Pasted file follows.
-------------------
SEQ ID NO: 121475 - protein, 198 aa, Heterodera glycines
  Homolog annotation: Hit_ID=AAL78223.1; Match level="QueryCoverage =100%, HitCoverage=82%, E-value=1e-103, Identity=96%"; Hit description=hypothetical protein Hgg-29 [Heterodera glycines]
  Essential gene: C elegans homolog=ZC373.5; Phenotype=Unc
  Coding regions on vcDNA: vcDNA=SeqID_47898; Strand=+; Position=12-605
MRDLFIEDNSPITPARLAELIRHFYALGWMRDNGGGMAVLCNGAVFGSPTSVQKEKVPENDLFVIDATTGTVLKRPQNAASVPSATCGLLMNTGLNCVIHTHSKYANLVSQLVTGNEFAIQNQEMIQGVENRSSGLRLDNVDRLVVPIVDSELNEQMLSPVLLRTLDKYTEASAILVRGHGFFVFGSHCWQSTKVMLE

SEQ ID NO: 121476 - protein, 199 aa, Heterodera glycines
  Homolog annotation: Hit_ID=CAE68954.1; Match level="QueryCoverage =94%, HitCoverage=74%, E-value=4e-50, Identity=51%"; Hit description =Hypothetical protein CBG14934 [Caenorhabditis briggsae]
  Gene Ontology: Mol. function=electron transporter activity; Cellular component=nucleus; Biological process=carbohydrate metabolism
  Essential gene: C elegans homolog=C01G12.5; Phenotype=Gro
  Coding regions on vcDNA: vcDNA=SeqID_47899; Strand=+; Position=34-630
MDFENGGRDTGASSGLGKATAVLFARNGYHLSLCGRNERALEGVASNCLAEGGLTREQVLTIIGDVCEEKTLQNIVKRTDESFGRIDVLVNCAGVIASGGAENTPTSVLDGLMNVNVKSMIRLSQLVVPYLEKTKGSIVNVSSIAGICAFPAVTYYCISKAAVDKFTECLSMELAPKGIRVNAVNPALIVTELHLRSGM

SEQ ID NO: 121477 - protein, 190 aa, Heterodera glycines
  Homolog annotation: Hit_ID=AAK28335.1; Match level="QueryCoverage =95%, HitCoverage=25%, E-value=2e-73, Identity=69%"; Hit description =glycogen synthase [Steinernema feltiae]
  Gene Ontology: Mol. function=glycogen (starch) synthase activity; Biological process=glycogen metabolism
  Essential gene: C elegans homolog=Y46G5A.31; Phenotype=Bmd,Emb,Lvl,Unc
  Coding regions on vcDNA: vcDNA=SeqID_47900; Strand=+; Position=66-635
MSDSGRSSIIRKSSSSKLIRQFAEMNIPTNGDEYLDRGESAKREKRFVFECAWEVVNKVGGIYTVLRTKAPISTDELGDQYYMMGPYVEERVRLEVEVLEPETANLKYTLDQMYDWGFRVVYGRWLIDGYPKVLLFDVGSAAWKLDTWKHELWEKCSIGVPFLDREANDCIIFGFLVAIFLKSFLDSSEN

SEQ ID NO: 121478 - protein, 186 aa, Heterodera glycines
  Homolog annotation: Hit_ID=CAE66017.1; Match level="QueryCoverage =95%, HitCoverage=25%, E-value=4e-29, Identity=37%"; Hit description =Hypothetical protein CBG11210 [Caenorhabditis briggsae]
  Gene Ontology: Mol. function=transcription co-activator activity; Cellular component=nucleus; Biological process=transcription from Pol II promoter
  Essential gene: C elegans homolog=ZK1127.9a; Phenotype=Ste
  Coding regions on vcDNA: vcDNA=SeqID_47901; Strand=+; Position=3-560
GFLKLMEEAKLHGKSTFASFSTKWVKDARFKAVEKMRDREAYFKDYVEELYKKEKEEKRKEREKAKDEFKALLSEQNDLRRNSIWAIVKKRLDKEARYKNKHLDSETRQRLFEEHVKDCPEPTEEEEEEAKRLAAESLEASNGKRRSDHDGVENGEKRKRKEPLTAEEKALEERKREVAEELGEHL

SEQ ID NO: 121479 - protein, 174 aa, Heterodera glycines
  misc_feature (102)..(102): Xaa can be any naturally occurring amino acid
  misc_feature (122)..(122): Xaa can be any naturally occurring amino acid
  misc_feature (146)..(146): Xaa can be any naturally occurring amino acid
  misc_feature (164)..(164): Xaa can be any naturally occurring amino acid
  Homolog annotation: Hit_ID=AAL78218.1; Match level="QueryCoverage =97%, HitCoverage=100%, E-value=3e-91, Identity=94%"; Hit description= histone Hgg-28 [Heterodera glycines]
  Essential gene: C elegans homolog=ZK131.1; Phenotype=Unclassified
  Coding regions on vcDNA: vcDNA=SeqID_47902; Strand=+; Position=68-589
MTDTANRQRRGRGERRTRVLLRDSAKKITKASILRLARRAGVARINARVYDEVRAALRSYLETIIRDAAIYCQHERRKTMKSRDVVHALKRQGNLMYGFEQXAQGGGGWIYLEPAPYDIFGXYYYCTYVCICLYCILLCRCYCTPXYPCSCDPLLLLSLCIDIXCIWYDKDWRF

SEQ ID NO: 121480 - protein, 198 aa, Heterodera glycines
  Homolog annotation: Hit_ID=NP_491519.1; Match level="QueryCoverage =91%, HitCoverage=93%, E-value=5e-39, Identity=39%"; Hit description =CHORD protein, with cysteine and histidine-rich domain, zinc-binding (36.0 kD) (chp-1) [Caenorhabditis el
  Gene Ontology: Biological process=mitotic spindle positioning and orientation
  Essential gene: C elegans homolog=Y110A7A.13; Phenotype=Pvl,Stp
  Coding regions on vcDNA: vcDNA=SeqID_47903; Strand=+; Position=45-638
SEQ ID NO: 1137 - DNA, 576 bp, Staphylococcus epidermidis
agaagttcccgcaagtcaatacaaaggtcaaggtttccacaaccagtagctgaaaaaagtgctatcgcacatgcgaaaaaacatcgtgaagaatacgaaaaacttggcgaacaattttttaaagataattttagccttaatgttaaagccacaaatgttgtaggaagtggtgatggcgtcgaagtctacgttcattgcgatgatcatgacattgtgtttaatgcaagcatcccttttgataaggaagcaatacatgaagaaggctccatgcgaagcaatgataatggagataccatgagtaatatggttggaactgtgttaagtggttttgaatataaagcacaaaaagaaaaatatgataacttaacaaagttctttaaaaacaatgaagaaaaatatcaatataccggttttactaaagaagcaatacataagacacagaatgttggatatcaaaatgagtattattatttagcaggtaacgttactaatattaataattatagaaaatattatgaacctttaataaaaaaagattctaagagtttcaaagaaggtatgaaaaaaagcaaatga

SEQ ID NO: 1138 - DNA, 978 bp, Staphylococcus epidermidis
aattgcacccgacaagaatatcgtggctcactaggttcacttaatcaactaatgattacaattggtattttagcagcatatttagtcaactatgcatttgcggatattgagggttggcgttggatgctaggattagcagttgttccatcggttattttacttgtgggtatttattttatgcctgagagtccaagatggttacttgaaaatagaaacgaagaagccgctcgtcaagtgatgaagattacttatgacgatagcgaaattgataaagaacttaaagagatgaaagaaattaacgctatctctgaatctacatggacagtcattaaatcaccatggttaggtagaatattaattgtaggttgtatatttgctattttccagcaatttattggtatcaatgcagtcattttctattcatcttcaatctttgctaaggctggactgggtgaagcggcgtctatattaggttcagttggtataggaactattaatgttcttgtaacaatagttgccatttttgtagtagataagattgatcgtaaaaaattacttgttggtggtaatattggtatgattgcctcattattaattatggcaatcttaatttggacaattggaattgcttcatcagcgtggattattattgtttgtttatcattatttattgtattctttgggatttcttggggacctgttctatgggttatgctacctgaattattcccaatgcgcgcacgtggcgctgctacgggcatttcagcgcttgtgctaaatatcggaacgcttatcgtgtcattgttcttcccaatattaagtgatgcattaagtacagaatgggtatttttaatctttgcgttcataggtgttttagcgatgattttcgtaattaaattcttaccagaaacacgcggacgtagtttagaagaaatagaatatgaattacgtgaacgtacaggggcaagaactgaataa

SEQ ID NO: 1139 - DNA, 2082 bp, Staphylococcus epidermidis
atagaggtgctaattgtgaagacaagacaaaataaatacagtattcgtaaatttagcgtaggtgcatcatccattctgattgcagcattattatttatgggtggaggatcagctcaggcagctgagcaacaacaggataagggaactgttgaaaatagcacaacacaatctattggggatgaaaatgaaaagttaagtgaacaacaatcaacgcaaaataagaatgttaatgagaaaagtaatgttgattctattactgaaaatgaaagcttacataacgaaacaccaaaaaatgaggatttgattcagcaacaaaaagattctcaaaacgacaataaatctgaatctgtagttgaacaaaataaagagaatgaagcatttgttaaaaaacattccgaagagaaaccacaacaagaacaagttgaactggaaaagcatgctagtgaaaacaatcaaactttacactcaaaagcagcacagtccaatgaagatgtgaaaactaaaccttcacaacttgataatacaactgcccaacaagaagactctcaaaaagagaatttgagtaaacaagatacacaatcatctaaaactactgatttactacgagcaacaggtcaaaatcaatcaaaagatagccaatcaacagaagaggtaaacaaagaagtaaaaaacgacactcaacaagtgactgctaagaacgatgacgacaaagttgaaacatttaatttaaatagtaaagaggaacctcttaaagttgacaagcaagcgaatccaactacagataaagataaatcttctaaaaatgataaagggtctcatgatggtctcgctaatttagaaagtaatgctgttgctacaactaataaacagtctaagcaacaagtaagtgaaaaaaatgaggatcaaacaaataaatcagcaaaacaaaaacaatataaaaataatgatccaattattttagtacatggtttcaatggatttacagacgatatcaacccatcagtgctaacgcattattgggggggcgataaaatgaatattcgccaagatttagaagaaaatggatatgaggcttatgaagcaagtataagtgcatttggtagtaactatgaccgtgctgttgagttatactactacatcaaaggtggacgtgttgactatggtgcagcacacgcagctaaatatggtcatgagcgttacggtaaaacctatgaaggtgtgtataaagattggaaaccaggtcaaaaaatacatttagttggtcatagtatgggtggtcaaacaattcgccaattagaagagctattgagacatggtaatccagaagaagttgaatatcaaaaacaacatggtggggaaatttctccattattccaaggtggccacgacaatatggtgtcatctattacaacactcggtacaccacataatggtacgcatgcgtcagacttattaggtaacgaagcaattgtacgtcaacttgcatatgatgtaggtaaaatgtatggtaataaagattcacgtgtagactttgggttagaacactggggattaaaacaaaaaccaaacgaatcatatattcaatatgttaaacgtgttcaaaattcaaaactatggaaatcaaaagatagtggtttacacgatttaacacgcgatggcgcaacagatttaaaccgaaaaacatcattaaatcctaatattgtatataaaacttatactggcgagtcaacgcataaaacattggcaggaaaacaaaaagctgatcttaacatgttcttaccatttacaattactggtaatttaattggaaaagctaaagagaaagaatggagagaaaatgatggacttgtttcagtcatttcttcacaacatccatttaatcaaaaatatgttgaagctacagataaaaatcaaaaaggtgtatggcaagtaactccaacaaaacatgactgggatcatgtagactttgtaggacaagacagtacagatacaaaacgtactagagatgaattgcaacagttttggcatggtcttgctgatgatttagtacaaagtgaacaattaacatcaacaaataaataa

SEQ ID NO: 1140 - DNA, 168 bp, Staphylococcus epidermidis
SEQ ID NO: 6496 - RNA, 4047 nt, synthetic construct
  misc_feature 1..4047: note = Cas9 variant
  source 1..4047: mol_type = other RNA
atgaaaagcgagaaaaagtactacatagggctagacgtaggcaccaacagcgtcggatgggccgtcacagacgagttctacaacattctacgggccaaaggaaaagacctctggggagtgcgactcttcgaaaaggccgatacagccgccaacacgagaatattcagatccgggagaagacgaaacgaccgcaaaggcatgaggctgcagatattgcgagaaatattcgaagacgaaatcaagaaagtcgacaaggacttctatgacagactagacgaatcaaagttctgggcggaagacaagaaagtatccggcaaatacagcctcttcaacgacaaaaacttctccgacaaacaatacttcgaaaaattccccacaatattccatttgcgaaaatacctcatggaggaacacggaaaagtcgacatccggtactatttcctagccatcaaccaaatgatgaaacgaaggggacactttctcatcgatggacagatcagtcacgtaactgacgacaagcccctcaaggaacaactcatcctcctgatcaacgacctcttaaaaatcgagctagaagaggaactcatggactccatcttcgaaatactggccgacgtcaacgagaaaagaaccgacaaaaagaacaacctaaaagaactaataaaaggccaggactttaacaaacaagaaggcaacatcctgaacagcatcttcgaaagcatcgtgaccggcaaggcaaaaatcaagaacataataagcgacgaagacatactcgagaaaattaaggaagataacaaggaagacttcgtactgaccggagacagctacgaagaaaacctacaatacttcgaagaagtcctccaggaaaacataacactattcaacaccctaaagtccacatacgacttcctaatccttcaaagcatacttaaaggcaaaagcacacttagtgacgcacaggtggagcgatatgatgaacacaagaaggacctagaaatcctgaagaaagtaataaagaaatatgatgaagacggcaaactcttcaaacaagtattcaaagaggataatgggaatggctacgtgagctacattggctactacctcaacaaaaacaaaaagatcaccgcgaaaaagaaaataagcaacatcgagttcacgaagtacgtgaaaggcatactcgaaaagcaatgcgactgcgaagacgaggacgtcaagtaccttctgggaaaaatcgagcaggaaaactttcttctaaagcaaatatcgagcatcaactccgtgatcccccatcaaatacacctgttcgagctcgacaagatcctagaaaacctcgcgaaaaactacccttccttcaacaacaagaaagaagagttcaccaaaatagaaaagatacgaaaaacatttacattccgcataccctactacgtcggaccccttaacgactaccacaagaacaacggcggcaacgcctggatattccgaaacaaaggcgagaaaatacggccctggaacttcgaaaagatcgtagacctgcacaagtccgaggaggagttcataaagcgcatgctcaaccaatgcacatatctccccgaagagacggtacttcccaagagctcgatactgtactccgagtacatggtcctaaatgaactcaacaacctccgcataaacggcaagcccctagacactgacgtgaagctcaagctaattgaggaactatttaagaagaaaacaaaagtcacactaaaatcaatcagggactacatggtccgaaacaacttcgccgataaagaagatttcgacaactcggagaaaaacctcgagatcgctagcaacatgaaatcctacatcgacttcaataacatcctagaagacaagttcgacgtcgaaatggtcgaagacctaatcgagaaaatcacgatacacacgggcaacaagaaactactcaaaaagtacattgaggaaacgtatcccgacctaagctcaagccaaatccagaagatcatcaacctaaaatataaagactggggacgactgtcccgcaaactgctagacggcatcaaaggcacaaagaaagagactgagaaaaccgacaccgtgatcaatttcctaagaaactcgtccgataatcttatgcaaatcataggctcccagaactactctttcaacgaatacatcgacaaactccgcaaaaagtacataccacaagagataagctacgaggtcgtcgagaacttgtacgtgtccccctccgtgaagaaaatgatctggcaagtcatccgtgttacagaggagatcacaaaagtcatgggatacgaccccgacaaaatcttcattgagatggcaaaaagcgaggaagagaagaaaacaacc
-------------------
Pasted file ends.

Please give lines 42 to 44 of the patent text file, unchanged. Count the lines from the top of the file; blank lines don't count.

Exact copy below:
SEQ ID NO: 1139 - DNA, 2082 bp, Staphylococcus epidermidis
atagaggtgctaattgtgaagacaagacaaaataaatacagtattcgtaaatttagcgtaggtgcatcatccattctgattgcagcattattatttatgggtggaggatcagctcaggcagctgagcaacaacaggataagggaactgttgaaaatagcacaacacaatctattggggatgaaaatgaaaagttaagtgaacaacaatcaacgcaaaataagaatgttaatgagaaaagtaatgttgattctattactgaaaatgaaagcttacataacgaaacaccaaaaaatgaggatttgattcagcaacaaaaagattctcaaaacgacaataaatctgaatctgtagttgaacaaaataaagagaatgaagcatttgttaaaaaacattccgaagagaaaccacaacaagaacaagttgaactggaaaagcatgctagtgaaaacaatcaaactttacactcaaaagcagcacagtccaatgaagatgtgaaaactaaaccttcacaacttgataatacaactgcccaacaagaagactctcaaaaagagaatttgagtaaacaagatacacaatcatctaaaactactgatttactacgagcaacaggtcaaaatcaatcaaaagatagccaatcaacagaagaggtaaacaaagaagtaaaaaacgacactcaacaagtgactgctaagaacgatgacgacaaagttgaaacatttaatttaaatagtaaagaggaacctcttaaagttgacaagcaagcgaatccaactacagataaagataaatcttctaaaaatgataaagggtctcatgatggtctcgctaatttagaaagtaatgctgttgctacaactaataaacagtctaagcaacaagtaagtgaaaaaaatgaggatcaaacaaataaatcagcaaaacaaaaacaatataaaaataatgatccaattattttagtacatggtttcaatggatttacagacgatatcaacccatcagtgctaacgcattattgggggggcgataaaatgaatattcgccaagatttagaagaaaatggatatgaggcttatgaagcaagtataagtgcatttggtagtaactatgaccgtgctgttgagttatactactacatcaaaggtggacgtgttgactatggtgcagcacacgcagctaaatatggtcatgagcgttacggtaaaacctatgaaggtgtgtataaagattggaaaccaggtcaaaaaatacatttagttggtcatagtatgggtggtcaaacaattcgccaattagaagagctattgagacatggtaatccagaagaagttgaatatcaaaaacaacatggtggggaaatttctccattattccaaggtggccacgacaatatggtgtcatctattacaacactcggtacaccacataatggtacgcatgcgtcagacttattaggtaacgaagcaattgtacgtcaacttgcatatgatgtaggtaaaatgtatggtaataaagattcacgtgtagactttgggttagaacactggggattaaaacaaaaaccaaacgaatcatatattcaatatgttaaacgtgttcaaaattcaaaactatggaaatcaaaagatagtggtttacacgatttaacacgcgatggcgcaacagatttaaaccgaaaaacatcattaaatcctaatattgtatataaaacttatactggcgagtcaacgcataaaacattggcaggaaaacaaaaagctgatcttaacatgttcttaccatttacaattactggtaatttaattggaaaagctaaagagaaagaatggagagaaaatgatggacttgtttcagtcatttcttcacaacatccatttaatcaaaaatatgttgaagctacagataaaaatcaaaaaggtgtatggcaagtaactccaacaaaacatgactgggatcatgtagactttgtaggacaagacagtacagatacaaaacgtactagagatgaattgcaacagttttggcatggtcttgctgatgatttagtacaaagtgaacaattaacatcaacaaataaataa

SEQ ID NO: 1140 - DNA, 168 bp, Staphylococcus epidermidis